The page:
The Czech Republic is definetly a country of soups. Being a Czech kid you hear on every occasion that if you don’t eat that soup you will never grow. So we eat soups. Soup on every festive menu, soup as the first course of your daily lunch and a soup as a main dish. We eat soups a lot.
There is one rule to prepare a true Czech soup: Always serve the soup boiling HOT. My granddaddy used to eat soup while it was still almost boiling. How could he eat soup that hot is beyond me.
Kulajda is one of the traditional Czech soups that is still cooked regularly at home and you can also try some refined variations at fine dining restaurants.
I start with dried mushrooms. A mixture of forest mushrooms provides the best and very intensive taste. I put them into a saucepan with water, bring them to boil and cook them for 5 minutes until they are soft. I check the mushrooms if they are soft enough. When done, I take out the mushrooms and rinse them well with cold water. I don’t use the mushroom broth in this case as I want the soup to be really white.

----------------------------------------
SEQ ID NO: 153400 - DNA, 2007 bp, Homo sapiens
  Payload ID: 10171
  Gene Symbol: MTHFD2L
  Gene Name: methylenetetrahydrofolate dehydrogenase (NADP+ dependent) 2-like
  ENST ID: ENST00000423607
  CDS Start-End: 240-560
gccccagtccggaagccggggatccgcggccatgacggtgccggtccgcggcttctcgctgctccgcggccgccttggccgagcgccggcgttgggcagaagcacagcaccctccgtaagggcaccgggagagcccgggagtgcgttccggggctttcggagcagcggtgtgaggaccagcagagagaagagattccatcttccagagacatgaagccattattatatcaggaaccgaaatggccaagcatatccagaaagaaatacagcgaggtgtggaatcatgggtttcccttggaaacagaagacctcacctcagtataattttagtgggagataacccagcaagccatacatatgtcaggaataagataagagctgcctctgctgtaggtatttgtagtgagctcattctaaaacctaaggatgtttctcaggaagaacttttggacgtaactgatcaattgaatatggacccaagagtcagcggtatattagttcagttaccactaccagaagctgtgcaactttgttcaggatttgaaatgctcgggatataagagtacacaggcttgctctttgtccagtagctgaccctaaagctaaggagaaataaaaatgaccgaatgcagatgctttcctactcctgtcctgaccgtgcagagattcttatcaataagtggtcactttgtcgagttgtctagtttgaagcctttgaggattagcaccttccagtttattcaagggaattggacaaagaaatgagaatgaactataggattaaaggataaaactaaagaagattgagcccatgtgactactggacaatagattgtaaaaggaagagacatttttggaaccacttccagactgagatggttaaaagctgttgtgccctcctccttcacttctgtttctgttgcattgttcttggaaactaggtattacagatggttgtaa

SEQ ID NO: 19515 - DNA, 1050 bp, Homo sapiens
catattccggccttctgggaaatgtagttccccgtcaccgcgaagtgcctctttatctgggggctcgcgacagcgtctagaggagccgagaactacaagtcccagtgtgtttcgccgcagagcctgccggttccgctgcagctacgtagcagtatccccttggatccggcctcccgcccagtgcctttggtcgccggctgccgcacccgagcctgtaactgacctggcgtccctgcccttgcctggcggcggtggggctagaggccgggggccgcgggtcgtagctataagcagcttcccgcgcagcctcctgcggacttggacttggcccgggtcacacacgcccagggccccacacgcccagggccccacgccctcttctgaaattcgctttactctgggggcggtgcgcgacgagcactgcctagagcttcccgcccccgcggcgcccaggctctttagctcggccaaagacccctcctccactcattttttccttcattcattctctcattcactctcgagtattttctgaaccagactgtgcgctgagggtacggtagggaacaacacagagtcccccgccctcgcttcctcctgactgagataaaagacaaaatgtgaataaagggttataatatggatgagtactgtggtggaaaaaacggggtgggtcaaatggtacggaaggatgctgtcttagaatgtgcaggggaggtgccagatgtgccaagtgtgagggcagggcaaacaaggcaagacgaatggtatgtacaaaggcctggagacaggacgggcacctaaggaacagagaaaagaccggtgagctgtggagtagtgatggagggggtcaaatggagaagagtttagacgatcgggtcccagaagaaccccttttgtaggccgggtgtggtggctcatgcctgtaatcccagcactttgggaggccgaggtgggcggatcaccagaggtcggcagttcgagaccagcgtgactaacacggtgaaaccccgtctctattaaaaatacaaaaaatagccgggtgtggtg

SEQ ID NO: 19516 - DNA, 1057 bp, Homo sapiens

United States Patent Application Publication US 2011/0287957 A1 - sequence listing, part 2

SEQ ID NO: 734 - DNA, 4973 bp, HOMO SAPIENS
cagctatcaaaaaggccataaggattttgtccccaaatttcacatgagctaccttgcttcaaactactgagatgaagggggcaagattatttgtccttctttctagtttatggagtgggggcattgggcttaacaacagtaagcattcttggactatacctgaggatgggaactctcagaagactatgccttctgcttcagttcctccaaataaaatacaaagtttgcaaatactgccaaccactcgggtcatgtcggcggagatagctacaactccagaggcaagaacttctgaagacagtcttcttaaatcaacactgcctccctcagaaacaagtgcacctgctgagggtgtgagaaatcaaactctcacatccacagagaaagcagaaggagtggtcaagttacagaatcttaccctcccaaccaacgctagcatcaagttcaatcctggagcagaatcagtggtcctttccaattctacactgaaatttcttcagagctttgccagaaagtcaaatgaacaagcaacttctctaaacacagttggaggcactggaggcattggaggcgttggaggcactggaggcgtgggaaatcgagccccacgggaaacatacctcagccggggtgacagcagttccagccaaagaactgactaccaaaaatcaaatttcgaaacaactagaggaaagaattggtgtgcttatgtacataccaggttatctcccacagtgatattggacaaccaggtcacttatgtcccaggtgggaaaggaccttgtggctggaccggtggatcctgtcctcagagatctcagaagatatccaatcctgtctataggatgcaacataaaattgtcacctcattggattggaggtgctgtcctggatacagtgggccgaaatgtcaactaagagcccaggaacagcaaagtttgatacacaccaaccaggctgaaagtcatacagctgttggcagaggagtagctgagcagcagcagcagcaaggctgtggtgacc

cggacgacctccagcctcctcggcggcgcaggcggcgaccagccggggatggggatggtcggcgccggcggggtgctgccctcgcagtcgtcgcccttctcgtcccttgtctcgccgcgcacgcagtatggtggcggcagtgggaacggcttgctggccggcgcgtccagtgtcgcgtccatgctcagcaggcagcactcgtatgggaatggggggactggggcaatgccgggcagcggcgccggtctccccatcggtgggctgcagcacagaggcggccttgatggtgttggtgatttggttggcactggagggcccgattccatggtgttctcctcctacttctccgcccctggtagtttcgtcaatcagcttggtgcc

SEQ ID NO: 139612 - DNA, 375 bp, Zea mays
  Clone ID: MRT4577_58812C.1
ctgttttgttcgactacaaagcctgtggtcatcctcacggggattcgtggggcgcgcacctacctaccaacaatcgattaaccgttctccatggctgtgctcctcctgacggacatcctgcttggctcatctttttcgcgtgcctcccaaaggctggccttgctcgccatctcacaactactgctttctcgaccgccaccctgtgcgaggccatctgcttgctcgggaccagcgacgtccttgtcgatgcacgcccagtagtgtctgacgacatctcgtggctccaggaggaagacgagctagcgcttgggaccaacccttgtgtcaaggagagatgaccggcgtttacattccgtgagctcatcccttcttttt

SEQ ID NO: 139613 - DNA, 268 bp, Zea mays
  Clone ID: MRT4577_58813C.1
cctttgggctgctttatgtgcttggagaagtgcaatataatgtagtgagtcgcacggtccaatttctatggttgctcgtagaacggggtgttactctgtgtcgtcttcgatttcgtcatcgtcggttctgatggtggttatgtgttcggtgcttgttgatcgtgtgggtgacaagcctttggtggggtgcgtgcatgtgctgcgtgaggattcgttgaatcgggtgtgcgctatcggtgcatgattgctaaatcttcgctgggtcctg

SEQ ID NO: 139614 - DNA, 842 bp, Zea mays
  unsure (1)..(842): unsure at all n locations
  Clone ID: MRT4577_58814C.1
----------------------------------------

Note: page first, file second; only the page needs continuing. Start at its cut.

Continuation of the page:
Now I put mushrooms, halved onion, bay leaves, black pepper, allspice, cumin, lovage, salt and 2 litres of water into a pot. I bring it to a boil and cook it for 15 minutes. In the meanwhile I mix flour, sour cream and a little bit of cold water and I pour this mixture through sieve into the soup. I have to whisk it and bring to a boil again. Then I add potatoes and cook them for another 10 minutes untill they are soft.
I flavor the soup with vinegar, salt and I add also eggs. Sometimes I cook eggs like poached eggs (Crack the egg into a cup and then gently slide it into the soup.) and another time I just pour beaten eggs into the soup and mix them with fork.
I put dill into the soup just before serving so the taste is really strong. Ready to serve.